Many writers who want to be traditionally published dream of a BIG contract with a BIG advance at a BIG house. The “Big Five,” as they’re known, include Macmillan, HarperCollins, Hachette, Penguin Random House, and Simon and Schuster. (This is soon to become the “Big Four” with Penguin Random House set to buy Simon and Schuster.) My three-book deal is with Macmillan, so let me share the secret to getting your own “Big Five” contract.
The secret is that there is no secret. Unfortunately, there’s also no checklist to follow and no guarantees. If you speak with fifty traditionally published authors, you will probably get fifty different stories of their path to publication. However, some portions of our stories overlap, from which you may glean some helpful insight. To that end, here’s my story.
I’d been working on my mystery book for a while (read: years) when I attended a cozy mystery authors chat/book signing at a local library. The authors were interesting and informative, and because they indulged my incessant questioning, I was able to revise my book with a better focus toward the genre. I also realized how important it was to connect with other mystery writers, especially ones who are where you aspire to be. By joining Sisters in Crime and finding authors on Facebook, I stepped a little further into the self-dubbed circle of knowledge.
My first lesson learned: The act of writing is a solitary endeavor, but being a writer is not. You need a community, and lucky for us, the mystery writing community is very encouraging and supportive. When I started writing back in the nineties (or the “olden days” as my teenager likes to call it), there was very little access to information about the publishing world. There were some books and magazines, but basically it was like being Dorothy in this strange land of Oz with the publishing business playing the role of the Wizard. It was a scary unknown entity which remained firmly behind the curtain.
Nowadays, the internet affords us blogs (like Writers Who Kill), podcasts, Facebook groups, agent twitter accounts, etc. which help us to pull back the curtain and see there’s nothing magical behind it—there are real people doing their own difficult jobs. Writing is creative, but publishing is a business. The more access we have to publishers, editors, agents, and published authors, the more we can understand what it takes to get published. I began to realize I had dozens of mentors at my fingertips. Getting published shifted from a dream to a goal.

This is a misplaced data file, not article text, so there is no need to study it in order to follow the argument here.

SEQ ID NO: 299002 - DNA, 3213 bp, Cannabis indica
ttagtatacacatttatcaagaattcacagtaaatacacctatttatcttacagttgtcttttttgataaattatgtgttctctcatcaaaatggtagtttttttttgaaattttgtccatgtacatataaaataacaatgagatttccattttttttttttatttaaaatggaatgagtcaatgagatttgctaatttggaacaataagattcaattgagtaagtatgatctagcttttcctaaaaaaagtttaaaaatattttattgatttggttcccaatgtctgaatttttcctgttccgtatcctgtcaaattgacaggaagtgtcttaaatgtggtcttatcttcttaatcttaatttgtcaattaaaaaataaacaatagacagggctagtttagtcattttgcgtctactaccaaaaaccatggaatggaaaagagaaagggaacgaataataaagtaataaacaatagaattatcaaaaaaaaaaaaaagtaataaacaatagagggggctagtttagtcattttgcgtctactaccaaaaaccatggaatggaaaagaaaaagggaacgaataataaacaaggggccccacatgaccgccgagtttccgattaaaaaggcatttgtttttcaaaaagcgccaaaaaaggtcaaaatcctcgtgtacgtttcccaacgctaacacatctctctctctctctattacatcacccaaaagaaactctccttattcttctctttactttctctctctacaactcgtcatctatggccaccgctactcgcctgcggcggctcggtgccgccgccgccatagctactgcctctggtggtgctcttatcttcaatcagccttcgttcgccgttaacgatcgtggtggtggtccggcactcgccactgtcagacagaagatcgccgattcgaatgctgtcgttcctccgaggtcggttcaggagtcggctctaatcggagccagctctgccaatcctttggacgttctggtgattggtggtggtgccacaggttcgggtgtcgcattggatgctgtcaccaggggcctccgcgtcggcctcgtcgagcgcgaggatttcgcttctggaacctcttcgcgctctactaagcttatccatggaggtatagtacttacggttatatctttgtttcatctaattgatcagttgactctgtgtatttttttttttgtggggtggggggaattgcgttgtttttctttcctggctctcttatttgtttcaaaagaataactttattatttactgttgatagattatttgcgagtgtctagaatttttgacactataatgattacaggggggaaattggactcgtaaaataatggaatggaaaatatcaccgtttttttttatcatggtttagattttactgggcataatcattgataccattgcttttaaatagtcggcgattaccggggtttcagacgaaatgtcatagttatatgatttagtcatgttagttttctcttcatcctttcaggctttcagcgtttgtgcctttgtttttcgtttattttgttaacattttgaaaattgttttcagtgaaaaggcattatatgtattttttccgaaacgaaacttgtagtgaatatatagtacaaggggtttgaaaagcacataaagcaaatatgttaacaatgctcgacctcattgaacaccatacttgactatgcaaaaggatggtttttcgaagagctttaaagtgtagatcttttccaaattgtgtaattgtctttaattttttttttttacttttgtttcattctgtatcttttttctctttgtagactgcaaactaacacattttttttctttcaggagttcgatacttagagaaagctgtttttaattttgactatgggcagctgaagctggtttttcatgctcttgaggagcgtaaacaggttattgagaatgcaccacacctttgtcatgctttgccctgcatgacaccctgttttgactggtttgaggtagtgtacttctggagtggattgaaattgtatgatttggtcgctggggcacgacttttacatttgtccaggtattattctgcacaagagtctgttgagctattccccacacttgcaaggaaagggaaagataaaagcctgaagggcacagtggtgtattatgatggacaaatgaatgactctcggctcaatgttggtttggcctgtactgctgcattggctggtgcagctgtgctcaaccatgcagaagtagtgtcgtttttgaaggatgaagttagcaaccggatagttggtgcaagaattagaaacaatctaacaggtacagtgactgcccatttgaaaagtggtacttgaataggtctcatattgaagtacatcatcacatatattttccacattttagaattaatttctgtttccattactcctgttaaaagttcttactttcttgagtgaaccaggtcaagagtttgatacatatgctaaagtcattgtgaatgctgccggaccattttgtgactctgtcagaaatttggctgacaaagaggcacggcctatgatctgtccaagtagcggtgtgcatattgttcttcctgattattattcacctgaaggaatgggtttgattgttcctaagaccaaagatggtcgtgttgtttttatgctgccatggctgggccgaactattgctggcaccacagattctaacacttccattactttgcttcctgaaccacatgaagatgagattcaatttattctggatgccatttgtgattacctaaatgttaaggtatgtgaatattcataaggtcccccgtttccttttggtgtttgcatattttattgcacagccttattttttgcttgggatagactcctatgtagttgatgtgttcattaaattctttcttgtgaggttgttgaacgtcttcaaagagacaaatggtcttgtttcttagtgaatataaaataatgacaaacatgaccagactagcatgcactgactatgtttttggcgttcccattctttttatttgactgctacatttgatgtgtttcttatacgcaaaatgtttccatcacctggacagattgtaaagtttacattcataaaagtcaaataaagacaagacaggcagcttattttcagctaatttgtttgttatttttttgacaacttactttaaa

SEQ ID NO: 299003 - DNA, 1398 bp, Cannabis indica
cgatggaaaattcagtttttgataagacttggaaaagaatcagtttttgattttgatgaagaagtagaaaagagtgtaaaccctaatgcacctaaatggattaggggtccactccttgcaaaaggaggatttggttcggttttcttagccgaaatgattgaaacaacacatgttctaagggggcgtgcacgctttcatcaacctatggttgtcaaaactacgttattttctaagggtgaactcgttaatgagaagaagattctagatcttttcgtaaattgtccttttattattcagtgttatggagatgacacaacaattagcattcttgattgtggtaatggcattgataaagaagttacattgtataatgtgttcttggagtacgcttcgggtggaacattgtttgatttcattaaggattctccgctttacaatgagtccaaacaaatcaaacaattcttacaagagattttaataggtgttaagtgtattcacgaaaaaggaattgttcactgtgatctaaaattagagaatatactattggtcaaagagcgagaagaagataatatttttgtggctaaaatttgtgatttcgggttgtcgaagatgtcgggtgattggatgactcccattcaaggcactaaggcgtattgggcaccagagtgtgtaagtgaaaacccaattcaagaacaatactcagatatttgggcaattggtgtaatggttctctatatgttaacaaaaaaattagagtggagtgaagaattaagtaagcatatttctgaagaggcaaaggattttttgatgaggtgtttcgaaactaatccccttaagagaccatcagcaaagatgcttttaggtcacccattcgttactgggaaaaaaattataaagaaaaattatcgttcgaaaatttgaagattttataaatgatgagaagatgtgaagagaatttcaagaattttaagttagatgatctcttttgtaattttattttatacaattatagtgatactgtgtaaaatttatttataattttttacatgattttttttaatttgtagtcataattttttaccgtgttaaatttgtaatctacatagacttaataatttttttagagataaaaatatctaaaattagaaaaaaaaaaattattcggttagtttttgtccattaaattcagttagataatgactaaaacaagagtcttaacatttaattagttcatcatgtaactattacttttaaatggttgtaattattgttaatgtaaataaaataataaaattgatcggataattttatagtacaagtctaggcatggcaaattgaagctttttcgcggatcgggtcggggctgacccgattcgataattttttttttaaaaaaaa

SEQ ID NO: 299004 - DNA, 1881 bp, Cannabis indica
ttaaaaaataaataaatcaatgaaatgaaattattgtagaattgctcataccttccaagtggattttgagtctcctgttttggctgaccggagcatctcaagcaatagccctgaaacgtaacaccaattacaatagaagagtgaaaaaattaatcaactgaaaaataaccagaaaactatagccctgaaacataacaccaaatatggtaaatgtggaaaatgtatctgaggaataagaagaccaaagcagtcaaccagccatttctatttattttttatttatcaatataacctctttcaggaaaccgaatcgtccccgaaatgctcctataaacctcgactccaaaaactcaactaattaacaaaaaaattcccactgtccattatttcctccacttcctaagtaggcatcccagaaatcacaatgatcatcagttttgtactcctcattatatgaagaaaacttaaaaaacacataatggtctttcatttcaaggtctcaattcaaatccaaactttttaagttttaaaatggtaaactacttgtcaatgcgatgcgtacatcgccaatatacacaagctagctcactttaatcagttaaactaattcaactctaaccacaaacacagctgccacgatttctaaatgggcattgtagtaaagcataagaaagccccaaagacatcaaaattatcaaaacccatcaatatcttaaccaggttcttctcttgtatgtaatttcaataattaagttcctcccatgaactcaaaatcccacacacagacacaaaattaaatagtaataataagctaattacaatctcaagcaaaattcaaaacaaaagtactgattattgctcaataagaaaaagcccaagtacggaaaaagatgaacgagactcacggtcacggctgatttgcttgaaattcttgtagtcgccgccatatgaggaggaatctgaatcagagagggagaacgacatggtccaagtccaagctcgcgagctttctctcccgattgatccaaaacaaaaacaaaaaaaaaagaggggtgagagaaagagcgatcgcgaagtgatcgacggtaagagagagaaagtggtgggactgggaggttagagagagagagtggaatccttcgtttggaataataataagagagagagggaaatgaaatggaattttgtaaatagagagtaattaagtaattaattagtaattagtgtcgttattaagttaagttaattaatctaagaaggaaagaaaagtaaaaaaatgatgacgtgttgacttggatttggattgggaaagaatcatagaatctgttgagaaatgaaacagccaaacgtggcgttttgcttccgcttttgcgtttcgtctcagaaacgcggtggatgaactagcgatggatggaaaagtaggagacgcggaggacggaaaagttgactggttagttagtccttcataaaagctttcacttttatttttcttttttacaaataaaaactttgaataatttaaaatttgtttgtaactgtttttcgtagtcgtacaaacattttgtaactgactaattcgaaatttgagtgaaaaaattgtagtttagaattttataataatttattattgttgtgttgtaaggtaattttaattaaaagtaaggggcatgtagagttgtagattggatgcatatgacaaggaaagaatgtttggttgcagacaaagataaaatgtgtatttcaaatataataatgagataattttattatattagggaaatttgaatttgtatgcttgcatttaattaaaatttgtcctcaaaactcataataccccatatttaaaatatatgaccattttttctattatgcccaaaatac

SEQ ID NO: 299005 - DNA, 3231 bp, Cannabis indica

When I was at a crossroads and had to decide between pursuing a writing career or taking a more assured path in another field, one of my newfound published author friends suggested I hire a freelance editor to read my manuscript. On the spectrum of rejection letters, I had gotten several “good” rejections, meaning agents asked to read the entire manuscript or even asked me to revise and resubmit, but ultimately still passed. I no longer could tell if my story was being improved by all my revisions. So I took my friend’s advice and hired a highly recommended editor. Hiring a good editor does not come cheap (nor should it for their expertise and the time they put into our manuscripts). This was an investment in myself. The developmental edit would reveal how close or how far I was to having a manuscript that an agent would say yes to. It would also be my deciding factor in whether attempting a writing career would be the risk I take or not.
The editor’s feedback was akin to taking a private master class in mystery writing. She also told me everything I did right and was extremely encouraging about my work. It was exactly what I needed to go forth with renewed energy and confidence. I worked hard to fix the issues in the manuscript that she’d pointed out and I confidently submitted it to three more agents. Much to my disappointment, it still came back with rejections. This time, however, I was confident in my work, so instead of tinkering with the manuscript again, I decided to take a different approach to how I would query agents. And that made all the difference.
In next month’s blog post, I’ll continue my path to publication story, and tell you about my success at pitching to agents and the whirlwind weeks that ensued.
Shout-outs go to members of “my community” mentioned in this post:
The freelance editor mentioned who is also an award-winning short story writer:
Barb Goffman http://www.barbgoffman.com/editing-services.html
The authors mentioned who were so helpful to me early on:
Liz Mugavero (who also writes as Cate Conte) https://cateconte.com/
Barbara Ross https://barbararossauthor.com/
Edith Maxwell (who also writes as Maddie Day) https://edithmaxwell.com/
Susannah Hardy (who also writes as Sadie Hartwell) https://sadiehartwell.com/
The library mentioned, which is one of my favorites:
Windsor Locks Public Library https://www.windsorlockslibrary.org/
Having a helping community isn’t writing specific. Is there any person or organization you’d like to give a shout-out to who has helped you reach your goals?